Gaming-Low-Rate Taxes Hold 'Em
    Tax policy will most certainly play an important part in the next president's efforts to jump-start the economy, no matter which candidate is elected. Republican John McCain is currently talking about tax cuts, while Democrat Barack Obama has proposed key tax increases to help balance the budget. While the presidential candidates are getting most of the attention, it is Congress that controls the purse strings. That means the makeup of the new Congress will be a critical factor, determining whether the next president will be able to pass his tax legislation.

Sunset provisions built into current tax law, however, make it certain that both the capital gains tax and the tax on dividends will be on the legislative agenda. Both these rates are currently at historic lows, thanks to provisions in the Jobs and Growth Tax Relief Reconciliation Act of 2003. But these rates are set to expire at the end of 2010 unless Congress takes action.

The current capital gains rate now tops out at 15% and has disappeared entirely for anyone in the 10% and 15% income tax brackets. If the law is not extended, capital gains taxes will return to pre-2003 rates, which in most cases were 20% (18% for qualified five-year property). That means Uncle Sam will get a much bigger bite out of the profits in any sale of stocks, bonds, homes or businesses. Inquiring minds are bound to ask: Will a new Congress leave us to enjoy the sunshine of low capital gain rates as scheduled for another couple of years, or will it extend the sunset further-or maybe accelerate it?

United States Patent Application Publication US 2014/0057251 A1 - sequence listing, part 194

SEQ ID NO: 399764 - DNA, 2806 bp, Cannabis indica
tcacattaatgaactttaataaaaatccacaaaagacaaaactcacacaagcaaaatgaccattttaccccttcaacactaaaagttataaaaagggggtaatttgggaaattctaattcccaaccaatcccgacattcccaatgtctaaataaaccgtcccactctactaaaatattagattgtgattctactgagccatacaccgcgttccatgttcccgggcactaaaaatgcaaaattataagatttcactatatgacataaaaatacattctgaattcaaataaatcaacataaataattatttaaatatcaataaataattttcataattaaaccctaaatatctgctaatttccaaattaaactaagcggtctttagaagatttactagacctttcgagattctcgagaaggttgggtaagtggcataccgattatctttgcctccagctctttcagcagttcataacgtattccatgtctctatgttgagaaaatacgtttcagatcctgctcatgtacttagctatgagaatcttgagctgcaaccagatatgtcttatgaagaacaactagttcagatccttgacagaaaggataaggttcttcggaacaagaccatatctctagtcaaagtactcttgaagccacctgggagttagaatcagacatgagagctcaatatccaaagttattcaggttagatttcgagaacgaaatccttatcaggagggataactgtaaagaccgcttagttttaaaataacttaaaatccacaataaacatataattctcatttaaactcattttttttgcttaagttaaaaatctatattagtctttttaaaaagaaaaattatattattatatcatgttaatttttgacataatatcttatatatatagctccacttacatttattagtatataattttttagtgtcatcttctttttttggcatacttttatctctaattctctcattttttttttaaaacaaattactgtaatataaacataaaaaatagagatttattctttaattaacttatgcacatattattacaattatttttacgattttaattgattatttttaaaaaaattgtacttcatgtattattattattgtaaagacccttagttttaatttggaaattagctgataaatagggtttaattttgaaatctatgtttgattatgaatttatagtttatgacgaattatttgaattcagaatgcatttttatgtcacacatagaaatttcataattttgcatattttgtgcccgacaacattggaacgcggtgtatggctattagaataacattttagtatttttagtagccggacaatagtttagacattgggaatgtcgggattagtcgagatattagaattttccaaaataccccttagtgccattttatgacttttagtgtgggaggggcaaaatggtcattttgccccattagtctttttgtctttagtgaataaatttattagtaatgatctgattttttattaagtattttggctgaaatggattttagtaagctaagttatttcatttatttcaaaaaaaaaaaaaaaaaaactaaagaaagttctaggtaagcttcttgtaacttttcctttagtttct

Given the political winds, people who have large gains in their portfolios should at least consider selling stocks and bonds to take advantage of today's low rates. The same holds for business owners who have been thinking of selling. Ditto for home owners with gains that exceed the current $500,000 exemption allowed for couples filing jointly or exceed the $250,000 for single filers. The battering of stock prices might dovetail here with tax rate planning, since both the amount of accrued gain and the tax rate might be aligned at modern lows. The cost of exiting an investment now may be lower than what the investor will see again for a while.